I point this out because I never found the conversation about Aristotilian metaphysics philosophically significant. It's value is historical because apparently the Catholic Church adopted his views long ago when arriving at an explanation for transubstantiation. I suppose if some academic or theologian really wanted to figure out the underlying basis for the Church's position, they could go back and read the original texts. It's sort of like if I wanted to know why the American founding fathers referenced inalienable rights, I might want to go back and re-read Locke's view on natural rights since that's it's origin, but that hardly means I need to accept Locke's views. I'd just be trying to figure out where those views came from. And that is important too, if not just to point out the obvious fact that these views on transubstantiation are historically rooted as opposed to being rooted in the inerrant word of God.

    And, since I mentioned Locke, he did mention primary and secondary qualities of objects, which seems another futile attempt at distinguishing properties out of objects (in his case, subjective properties versus objective properties as opposed to Aristotle's essential versus accidental). https://en.wikipedia.org/wiki/Primary/secondary_quality_distinction
  • Agustino
    9.4k
    So, yes, if Judaism is right, Christianity is wrong in an essential, non-trivial ort of way. Do you not agree with this?Hanover
    Of course, I agree with it, but that's besides the point. It's like telling me that if Newton's laws of motion cannot predict the movement of rays of light around the Earth, then they are wrong in an essential way compared to Einstein's theory of relativity. Sure! So what?! For all this time I was trying to point out that they have an essential core in common - on Earth, they both make the same predictions.

    Christianity and Judaism still have what is essentially the exact same worldview. There even are some Jews (called Messianic Jews) who have adopted the centrality of Jesus qua Messiah affirmed by Christianity.

    So my point is that you are not "wrong" in any absolute sense if you follow the tenets of Judaism or Christianity - you may simply not be completely right, in an explicit manner.

    That might explain someone in a leadership position who actually worries about overall numbers, but the kid in the tie on his bicycle is at my door because he thinks he has the key to truth and heaven that is lacking in whatever religion I subscribe to.Hanover
    Sure, but there are a lot of elements that go into building up that belief for him. Some of those reasons may have to do with insecurity, others may have to do with wanting to share his knowledge, others may have to do with peer pressure and social expectations, etc.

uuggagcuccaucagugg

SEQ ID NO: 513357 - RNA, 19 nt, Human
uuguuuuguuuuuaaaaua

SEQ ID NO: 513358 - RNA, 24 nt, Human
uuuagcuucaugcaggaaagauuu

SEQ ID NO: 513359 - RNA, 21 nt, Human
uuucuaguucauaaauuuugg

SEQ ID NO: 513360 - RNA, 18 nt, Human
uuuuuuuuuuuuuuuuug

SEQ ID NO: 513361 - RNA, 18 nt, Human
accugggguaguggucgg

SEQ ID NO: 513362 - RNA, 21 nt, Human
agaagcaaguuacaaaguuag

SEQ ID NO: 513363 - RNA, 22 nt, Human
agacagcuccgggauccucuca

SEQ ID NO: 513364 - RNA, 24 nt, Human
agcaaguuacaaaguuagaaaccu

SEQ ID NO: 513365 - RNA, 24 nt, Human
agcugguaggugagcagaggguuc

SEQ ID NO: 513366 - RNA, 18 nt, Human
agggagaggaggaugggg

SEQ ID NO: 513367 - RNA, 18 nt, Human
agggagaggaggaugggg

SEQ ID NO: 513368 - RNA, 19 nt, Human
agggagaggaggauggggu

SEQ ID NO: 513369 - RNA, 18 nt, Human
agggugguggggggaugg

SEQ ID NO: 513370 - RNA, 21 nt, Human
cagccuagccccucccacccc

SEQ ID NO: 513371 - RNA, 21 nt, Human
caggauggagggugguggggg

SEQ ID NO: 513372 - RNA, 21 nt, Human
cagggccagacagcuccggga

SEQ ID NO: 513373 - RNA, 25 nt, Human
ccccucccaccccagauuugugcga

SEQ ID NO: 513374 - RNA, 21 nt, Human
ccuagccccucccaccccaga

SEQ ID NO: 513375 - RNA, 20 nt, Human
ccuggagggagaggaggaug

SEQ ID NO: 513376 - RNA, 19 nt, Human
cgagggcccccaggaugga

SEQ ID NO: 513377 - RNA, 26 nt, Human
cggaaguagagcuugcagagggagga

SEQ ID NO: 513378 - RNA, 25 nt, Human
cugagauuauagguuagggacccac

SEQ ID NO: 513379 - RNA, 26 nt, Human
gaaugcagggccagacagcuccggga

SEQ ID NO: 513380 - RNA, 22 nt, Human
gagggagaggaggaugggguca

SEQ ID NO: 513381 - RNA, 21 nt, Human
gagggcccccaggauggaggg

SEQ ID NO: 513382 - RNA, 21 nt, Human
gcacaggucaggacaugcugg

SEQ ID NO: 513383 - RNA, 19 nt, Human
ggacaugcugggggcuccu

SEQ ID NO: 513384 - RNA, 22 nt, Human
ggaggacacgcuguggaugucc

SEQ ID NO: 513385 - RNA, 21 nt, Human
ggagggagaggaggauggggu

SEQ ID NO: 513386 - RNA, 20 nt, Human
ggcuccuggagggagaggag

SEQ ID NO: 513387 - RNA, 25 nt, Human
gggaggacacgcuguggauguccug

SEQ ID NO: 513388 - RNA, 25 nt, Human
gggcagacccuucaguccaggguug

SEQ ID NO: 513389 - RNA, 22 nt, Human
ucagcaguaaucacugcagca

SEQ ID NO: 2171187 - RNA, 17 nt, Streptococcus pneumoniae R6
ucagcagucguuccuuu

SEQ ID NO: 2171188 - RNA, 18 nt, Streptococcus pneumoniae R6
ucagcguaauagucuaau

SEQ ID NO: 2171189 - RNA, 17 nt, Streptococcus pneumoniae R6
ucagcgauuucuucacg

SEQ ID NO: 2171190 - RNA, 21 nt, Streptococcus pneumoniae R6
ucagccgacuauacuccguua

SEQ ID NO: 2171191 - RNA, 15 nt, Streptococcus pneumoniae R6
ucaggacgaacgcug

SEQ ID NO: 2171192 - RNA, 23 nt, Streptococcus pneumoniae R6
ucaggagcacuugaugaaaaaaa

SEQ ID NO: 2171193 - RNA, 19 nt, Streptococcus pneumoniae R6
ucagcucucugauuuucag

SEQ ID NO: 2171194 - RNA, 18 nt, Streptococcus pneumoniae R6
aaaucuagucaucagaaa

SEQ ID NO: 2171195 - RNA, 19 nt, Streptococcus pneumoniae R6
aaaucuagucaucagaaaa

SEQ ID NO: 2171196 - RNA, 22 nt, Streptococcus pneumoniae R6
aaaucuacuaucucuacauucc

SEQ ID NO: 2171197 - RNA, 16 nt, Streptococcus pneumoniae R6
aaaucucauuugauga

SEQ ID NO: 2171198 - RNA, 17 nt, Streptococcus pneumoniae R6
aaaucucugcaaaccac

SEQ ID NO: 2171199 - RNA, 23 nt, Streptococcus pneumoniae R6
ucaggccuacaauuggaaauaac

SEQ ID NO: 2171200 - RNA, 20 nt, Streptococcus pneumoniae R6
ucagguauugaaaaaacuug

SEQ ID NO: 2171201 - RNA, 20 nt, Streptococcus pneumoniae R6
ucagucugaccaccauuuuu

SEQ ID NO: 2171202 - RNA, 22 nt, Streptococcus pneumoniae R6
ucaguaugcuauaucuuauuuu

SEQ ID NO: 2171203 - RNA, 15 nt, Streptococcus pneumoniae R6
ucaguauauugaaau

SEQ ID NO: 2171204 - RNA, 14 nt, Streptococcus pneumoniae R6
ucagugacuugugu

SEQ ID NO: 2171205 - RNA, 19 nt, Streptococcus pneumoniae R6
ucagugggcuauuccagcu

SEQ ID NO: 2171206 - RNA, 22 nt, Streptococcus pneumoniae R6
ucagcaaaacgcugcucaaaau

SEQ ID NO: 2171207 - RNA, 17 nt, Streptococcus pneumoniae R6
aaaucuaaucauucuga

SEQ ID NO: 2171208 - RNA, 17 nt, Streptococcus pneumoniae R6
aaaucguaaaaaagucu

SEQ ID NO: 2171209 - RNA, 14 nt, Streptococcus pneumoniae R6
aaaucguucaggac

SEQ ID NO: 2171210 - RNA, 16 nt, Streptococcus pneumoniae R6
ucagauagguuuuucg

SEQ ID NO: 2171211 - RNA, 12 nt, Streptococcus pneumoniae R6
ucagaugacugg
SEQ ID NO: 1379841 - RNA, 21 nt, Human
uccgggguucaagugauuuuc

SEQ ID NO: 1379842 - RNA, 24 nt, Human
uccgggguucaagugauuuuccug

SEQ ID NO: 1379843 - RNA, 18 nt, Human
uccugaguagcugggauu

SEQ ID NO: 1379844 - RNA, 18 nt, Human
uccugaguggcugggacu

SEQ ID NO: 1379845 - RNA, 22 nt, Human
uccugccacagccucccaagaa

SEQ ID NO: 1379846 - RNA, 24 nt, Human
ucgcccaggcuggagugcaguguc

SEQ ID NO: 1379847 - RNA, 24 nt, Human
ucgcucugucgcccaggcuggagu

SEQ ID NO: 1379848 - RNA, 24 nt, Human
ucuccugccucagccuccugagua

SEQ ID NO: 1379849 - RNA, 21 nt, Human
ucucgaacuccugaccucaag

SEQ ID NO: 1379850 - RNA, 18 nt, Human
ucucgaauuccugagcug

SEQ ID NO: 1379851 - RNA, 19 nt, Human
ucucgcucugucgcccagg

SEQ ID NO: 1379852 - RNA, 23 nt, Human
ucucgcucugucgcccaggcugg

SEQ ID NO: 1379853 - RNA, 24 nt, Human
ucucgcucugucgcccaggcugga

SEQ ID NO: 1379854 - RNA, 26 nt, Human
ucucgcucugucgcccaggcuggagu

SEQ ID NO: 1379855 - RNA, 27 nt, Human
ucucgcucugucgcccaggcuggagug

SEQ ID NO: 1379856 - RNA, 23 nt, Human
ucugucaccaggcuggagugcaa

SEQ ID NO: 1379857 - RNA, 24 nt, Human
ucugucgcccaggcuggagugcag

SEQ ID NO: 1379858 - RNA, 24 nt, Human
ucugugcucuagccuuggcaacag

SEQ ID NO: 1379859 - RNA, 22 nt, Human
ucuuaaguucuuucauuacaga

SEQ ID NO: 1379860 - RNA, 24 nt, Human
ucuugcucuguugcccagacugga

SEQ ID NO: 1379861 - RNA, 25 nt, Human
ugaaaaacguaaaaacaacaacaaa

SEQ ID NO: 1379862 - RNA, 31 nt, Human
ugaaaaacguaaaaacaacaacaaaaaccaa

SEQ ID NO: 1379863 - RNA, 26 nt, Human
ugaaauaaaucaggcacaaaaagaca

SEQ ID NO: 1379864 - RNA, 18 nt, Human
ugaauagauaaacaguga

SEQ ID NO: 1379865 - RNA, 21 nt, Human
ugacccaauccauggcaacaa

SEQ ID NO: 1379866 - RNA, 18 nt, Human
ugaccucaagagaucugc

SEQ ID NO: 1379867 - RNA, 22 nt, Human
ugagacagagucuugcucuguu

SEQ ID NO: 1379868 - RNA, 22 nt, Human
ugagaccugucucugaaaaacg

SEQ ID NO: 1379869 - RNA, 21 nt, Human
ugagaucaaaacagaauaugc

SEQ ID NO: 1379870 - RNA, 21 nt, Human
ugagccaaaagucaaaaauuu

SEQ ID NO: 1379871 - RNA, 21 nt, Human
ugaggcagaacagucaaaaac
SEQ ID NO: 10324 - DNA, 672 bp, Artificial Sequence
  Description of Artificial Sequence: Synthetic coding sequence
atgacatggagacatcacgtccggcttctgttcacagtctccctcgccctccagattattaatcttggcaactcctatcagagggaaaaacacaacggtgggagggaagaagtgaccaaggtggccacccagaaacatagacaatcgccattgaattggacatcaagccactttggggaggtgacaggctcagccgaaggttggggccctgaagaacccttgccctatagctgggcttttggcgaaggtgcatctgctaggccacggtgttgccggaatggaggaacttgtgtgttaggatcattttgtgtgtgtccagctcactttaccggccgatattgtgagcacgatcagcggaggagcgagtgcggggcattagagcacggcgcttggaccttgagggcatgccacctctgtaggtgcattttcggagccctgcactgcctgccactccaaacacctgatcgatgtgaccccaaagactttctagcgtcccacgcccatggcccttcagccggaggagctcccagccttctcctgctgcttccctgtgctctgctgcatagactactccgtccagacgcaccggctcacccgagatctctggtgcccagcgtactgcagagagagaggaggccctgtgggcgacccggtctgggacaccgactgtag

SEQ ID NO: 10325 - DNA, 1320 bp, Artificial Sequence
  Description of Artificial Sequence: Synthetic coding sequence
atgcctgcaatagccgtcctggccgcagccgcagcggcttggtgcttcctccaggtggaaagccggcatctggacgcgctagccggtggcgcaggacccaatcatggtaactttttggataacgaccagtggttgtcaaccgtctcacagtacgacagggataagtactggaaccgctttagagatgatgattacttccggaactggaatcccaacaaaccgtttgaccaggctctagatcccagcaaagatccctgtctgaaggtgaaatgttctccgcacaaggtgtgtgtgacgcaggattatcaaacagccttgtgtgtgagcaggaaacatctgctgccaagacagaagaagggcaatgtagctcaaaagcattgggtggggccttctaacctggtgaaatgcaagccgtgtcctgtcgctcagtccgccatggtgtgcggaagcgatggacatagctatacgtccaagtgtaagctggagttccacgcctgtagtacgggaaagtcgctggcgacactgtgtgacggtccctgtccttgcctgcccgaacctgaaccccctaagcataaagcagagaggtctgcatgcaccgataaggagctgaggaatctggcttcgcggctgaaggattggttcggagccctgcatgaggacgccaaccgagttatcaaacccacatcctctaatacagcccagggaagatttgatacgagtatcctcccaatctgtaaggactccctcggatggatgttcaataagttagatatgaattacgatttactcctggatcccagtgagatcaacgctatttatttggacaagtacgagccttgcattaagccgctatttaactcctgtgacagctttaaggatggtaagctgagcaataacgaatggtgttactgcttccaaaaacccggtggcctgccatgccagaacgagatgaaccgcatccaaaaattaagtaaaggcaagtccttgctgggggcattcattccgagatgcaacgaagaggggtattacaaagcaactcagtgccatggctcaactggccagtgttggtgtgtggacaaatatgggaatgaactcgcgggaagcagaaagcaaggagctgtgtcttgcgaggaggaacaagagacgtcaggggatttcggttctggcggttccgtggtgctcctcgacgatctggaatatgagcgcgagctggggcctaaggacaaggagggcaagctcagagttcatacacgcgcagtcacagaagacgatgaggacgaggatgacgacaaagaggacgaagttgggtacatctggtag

As I indicated, Mormonism is polytheistic. http://www.mormonhandbook.com/home/polytheism.html This is directly from a Mormon website.Hanover
    Right, I do not doubt that they see themselves as polytheists.

    Are you now declaring Mormons non-Christian?Hanover
    If you're asking me what I personally think, then I don't think Christianity is Mormonism. I identify Christianity with the Catholic and Eastern Orthodox Churches, which were the very first organisations that arose out of the Movement created by Jesus and the Apostles. That's the original Christianity in my view.

    If you're asking me what Mormons think, I think they would see their religion as a continuation of true Christianity.

    There are plenty of other religions that are polytheistic. Are you still claiming that they are essentially the same as Christianity?Hanover
    With regards to their core, in many cases this is so. Organized religions arise out of man's encounter with the divine, ie hierophanic experiences OR out of internal disagreements within one religion. The latter explains the emergence of Protestant groups or the Orthodox-Catholic schism, etc. But it is the former that is of the essence, and that is universally found across different religions.

    The Jesus Movement formed because, first and foremost, the Apostles and the people who knew and met Jesus saw something worth dying for in Him - they were utterly impressed by the character and the person of Christ, and saw in Him the fulfillment of the Jewish Tradition. That was an experience of the divine, including the many mystical experiences that the Apostles had such as the one of Saul of Tarsus on the road to Damascus.

    The Jewish religion arose out of the mystical experiences of the Jewish forefathers - Abraham, Isaac, and Jacob. Their encounter with the transcendent, which they termed and conceptualised as God, is what spawned the entire Jewish religion.